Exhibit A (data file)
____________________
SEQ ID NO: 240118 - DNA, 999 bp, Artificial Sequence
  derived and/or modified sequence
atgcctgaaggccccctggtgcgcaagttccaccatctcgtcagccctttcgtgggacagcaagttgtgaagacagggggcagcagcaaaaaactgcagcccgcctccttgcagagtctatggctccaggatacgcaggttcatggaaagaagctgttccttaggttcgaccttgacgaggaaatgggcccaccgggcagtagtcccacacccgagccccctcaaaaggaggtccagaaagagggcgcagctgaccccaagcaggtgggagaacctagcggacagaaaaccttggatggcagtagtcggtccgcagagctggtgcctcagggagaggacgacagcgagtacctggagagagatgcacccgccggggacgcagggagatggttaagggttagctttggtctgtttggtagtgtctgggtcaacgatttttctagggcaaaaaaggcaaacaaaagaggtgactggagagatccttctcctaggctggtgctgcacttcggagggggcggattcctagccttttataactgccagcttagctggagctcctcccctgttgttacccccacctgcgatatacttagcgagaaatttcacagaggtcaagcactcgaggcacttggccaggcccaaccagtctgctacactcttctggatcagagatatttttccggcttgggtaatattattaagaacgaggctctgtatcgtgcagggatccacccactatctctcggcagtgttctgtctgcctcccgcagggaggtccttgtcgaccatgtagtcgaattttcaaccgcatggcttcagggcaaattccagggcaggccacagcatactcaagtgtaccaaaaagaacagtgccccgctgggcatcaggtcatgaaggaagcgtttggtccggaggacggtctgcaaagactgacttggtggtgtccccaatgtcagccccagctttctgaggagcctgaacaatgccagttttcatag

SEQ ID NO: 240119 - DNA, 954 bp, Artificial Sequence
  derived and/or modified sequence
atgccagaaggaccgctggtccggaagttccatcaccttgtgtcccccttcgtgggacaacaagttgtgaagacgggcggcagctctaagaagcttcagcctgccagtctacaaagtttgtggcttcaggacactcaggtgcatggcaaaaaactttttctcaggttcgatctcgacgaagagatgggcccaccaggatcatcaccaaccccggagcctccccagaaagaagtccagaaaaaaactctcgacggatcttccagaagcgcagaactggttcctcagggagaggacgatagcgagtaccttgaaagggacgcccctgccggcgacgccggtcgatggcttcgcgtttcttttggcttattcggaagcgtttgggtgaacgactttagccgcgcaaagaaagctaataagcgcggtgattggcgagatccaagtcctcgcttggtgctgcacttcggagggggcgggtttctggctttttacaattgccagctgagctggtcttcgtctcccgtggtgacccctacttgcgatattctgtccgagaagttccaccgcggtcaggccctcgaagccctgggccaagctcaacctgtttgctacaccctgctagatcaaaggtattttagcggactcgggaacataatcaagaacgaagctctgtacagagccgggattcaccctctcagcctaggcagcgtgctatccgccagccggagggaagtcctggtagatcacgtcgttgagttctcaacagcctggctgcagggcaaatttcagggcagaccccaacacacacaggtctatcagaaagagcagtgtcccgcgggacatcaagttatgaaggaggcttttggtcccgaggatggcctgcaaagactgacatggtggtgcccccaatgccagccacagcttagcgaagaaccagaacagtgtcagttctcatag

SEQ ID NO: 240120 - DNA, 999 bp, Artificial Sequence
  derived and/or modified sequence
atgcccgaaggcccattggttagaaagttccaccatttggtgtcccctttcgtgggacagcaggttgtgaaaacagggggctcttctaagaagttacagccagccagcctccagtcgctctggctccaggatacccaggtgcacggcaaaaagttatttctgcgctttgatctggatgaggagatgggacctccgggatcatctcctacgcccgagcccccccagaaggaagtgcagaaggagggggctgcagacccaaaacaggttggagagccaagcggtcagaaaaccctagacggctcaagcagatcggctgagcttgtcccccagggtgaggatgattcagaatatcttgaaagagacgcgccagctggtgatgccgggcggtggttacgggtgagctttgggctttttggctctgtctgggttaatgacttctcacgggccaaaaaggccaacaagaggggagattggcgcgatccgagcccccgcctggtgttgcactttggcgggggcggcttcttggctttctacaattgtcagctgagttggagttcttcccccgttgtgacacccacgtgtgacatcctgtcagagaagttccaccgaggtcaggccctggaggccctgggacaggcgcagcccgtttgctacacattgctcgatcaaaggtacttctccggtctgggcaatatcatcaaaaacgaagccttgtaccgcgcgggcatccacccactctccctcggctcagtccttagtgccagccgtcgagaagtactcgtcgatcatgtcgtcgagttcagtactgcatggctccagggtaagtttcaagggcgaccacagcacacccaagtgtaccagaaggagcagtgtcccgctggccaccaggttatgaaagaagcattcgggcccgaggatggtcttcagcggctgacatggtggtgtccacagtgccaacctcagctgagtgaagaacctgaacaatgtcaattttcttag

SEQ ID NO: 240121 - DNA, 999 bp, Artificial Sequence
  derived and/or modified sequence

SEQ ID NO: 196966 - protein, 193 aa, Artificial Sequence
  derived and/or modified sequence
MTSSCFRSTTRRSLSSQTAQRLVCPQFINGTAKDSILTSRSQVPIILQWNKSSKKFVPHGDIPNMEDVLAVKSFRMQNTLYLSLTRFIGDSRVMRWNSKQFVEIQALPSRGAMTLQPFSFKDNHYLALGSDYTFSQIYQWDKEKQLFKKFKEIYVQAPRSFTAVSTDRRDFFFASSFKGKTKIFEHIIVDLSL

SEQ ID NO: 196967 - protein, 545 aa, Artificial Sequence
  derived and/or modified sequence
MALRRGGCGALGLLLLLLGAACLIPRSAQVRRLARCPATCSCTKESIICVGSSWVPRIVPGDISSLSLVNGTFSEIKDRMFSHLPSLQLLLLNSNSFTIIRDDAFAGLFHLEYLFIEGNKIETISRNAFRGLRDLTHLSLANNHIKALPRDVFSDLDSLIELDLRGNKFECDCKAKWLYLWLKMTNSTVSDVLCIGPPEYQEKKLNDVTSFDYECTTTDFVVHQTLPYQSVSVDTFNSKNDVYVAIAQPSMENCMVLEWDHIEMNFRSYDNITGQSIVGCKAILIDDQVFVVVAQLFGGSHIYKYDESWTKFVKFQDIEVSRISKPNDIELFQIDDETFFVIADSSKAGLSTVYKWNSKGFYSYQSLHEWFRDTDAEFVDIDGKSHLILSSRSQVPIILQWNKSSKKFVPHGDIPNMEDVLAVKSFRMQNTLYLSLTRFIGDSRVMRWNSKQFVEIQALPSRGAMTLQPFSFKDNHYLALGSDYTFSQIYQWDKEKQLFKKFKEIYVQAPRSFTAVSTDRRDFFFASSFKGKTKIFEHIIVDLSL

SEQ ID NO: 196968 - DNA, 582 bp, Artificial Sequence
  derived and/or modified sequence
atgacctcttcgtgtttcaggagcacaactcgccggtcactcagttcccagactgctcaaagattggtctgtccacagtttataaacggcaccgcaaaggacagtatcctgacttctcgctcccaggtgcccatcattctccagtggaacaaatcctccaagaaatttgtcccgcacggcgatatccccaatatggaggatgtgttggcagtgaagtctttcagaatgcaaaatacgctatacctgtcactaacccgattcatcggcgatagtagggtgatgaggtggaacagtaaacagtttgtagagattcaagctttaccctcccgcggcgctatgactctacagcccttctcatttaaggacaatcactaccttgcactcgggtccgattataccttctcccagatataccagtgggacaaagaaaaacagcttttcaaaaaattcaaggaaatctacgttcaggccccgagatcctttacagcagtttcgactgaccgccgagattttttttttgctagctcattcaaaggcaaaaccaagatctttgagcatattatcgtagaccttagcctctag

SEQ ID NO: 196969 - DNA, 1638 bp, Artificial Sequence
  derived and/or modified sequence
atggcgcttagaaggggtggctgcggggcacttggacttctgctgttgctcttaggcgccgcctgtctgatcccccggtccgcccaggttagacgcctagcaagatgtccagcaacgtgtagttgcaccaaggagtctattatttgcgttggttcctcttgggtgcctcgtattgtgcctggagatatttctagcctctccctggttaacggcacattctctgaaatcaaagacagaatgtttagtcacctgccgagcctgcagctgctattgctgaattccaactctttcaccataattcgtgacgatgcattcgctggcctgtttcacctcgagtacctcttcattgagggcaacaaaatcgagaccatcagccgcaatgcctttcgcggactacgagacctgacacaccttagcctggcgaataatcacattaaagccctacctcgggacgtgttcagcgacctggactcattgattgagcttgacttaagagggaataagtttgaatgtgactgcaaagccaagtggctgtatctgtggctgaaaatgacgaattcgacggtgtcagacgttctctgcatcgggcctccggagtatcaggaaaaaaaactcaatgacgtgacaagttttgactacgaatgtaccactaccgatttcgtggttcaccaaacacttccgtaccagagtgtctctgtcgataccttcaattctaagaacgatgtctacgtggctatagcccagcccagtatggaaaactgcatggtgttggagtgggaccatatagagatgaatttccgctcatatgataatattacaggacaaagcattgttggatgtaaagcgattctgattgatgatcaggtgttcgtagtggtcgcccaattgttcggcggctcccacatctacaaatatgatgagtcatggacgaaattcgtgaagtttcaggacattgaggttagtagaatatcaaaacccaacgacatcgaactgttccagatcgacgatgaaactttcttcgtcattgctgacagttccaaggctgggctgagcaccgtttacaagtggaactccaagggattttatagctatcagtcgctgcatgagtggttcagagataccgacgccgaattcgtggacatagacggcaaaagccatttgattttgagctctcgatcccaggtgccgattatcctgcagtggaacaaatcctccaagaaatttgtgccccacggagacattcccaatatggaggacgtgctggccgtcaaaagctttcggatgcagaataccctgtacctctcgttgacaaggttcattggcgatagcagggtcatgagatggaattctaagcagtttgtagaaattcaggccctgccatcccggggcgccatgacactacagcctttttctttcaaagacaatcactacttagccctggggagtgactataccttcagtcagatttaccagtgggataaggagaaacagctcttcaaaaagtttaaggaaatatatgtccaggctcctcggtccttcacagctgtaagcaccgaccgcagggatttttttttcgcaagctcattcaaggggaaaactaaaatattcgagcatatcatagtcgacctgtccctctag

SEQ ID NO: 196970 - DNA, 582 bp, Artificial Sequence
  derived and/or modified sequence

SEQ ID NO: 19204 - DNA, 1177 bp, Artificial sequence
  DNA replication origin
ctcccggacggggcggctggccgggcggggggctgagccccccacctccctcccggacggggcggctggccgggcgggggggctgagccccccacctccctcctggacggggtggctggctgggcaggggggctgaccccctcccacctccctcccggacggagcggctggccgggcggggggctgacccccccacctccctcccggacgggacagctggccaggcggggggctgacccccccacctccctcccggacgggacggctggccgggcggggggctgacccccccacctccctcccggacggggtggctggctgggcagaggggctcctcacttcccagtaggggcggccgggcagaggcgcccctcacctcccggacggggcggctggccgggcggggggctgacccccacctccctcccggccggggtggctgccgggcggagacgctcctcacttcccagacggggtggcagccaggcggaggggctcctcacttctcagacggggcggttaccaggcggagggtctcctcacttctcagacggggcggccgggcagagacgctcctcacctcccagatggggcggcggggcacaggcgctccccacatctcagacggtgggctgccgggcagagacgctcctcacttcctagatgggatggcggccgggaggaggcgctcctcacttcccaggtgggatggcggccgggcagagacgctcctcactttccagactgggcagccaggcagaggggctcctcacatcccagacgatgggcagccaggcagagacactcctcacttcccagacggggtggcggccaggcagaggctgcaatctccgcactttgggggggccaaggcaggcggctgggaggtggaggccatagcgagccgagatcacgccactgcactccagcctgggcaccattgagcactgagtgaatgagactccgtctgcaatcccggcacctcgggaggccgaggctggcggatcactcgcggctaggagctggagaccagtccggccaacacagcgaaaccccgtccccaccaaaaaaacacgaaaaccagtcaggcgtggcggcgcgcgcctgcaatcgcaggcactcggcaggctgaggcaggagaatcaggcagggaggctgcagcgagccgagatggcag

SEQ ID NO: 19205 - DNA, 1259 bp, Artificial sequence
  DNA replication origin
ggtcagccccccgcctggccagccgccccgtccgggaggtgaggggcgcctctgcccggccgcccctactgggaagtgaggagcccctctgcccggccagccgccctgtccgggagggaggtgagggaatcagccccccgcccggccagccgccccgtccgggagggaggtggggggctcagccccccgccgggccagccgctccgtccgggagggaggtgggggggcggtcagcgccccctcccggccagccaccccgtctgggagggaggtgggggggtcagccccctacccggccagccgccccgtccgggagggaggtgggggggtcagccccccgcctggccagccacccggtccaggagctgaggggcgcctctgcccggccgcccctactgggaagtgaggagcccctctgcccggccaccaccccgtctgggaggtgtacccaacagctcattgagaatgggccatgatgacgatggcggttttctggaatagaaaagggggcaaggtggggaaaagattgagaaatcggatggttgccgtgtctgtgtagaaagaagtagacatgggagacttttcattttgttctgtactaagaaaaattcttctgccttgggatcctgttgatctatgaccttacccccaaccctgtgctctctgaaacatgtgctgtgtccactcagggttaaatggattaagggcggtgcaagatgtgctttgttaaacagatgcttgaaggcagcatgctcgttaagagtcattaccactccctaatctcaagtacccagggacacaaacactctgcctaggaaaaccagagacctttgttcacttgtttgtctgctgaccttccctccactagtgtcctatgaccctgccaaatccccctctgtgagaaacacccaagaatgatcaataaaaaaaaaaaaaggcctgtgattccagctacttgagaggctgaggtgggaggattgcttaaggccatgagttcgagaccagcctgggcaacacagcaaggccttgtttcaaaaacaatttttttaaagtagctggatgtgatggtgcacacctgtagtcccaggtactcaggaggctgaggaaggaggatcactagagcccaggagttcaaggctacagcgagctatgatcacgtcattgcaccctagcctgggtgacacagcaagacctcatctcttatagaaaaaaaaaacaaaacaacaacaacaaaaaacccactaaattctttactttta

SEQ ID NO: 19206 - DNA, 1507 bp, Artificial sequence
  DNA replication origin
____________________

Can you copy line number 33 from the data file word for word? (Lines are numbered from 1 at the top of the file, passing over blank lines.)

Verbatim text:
  DNA replication origin